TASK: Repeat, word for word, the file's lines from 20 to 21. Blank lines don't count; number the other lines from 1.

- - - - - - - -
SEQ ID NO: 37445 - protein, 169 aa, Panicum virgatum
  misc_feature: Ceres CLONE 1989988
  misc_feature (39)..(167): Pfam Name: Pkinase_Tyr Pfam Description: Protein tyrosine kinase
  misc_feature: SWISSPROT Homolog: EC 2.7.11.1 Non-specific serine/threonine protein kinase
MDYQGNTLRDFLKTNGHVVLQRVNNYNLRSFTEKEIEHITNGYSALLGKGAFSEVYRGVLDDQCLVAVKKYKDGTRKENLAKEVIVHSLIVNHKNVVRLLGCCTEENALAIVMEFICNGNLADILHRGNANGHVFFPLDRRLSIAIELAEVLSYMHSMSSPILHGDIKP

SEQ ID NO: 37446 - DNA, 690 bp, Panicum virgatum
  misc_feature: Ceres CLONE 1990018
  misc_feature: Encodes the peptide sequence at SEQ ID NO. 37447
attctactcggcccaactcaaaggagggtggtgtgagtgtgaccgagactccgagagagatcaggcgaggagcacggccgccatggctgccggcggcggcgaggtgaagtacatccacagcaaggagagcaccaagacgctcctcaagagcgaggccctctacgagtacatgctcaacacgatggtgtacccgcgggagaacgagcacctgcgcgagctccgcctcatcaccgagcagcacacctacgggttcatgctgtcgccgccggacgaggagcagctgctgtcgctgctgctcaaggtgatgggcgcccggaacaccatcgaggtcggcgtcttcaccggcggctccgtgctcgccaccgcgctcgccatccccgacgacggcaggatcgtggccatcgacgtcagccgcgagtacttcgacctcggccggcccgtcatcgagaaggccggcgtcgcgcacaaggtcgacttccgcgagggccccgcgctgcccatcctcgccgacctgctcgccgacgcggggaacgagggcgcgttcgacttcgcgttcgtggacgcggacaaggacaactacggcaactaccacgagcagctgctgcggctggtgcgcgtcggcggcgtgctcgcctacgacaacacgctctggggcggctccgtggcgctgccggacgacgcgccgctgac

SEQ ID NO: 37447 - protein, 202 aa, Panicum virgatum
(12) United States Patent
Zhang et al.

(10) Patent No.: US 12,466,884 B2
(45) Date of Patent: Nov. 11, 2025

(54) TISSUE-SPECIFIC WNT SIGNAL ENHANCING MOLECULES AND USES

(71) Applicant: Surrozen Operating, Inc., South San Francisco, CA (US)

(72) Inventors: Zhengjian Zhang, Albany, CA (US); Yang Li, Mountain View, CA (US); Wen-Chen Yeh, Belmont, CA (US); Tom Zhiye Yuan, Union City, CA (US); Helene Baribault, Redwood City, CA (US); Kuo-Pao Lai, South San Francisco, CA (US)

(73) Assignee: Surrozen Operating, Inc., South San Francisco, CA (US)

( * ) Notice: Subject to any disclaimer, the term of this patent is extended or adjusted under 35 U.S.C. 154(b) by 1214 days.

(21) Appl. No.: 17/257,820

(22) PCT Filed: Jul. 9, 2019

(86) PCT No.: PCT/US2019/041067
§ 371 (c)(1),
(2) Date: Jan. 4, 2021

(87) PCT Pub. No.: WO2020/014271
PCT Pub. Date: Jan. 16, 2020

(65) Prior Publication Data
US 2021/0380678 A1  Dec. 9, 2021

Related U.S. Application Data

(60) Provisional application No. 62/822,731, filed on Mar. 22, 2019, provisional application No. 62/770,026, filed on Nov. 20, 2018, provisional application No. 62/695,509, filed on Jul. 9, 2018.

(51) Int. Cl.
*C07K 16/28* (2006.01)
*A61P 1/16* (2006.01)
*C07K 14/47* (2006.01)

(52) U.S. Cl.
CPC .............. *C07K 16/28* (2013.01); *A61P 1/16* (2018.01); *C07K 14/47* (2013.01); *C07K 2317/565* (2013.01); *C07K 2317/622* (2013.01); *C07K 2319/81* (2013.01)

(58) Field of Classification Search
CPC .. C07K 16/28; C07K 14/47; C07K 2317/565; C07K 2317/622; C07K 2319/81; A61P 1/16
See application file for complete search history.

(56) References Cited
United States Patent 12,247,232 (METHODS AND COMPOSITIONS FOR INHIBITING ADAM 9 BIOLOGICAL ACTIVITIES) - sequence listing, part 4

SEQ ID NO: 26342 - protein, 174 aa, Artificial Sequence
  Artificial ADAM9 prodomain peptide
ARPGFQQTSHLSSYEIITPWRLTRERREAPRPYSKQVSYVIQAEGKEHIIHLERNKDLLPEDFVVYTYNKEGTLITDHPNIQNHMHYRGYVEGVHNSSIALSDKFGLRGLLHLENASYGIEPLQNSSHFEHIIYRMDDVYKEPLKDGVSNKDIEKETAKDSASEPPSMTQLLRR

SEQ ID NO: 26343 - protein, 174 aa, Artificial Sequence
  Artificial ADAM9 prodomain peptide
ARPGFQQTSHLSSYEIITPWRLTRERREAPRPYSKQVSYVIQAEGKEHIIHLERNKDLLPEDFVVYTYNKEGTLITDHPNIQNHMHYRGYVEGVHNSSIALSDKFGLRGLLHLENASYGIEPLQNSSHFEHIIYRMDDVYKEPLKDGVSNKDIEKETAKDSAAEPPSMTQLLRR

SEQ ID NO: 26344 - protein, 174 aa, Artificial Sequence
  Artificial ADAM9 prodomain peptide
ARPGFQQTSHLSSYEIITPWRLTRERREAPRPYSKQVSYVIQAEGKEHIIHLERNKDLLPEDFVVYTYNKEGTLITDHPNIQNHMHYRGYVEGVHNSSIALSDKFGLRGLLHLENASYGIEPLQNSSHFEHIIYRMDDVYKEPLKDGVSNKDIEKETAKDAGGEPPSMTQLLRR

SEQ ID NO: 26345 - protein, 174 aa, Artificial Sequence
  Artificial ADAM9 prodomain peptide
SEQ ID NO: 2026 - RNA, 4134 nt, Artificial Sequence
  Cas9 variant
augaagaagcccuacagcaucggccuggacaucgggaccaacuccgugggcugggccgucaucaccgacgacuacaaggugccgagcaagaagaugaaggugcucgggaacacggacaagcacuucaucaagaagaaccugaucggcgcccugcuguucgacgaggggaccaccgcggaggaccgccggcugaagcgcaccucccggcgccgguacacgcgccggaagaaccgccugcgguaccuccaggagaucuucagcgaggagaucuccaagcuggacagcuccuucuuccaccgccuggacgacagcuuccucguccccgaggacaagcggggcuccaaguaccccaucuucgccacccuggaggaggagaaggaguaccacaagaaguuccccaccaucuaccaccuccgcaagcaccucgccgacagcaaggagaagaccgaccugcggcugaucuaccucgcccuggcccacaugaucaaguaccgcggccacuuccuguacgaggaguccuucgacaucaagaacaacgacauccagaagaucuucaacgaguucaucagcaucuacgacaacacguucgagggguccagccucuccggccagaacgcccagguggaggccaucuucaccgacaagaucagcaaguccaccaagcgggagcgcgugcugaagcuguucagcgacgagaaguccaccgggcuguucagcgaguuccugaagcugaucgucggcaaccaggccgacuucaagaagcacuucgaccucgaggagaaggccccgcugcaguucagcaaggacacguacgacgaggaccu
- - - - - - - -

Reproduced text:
(21) Appl. No.: 17/257,820

(22) PCT Filed: Jul. 9, 2019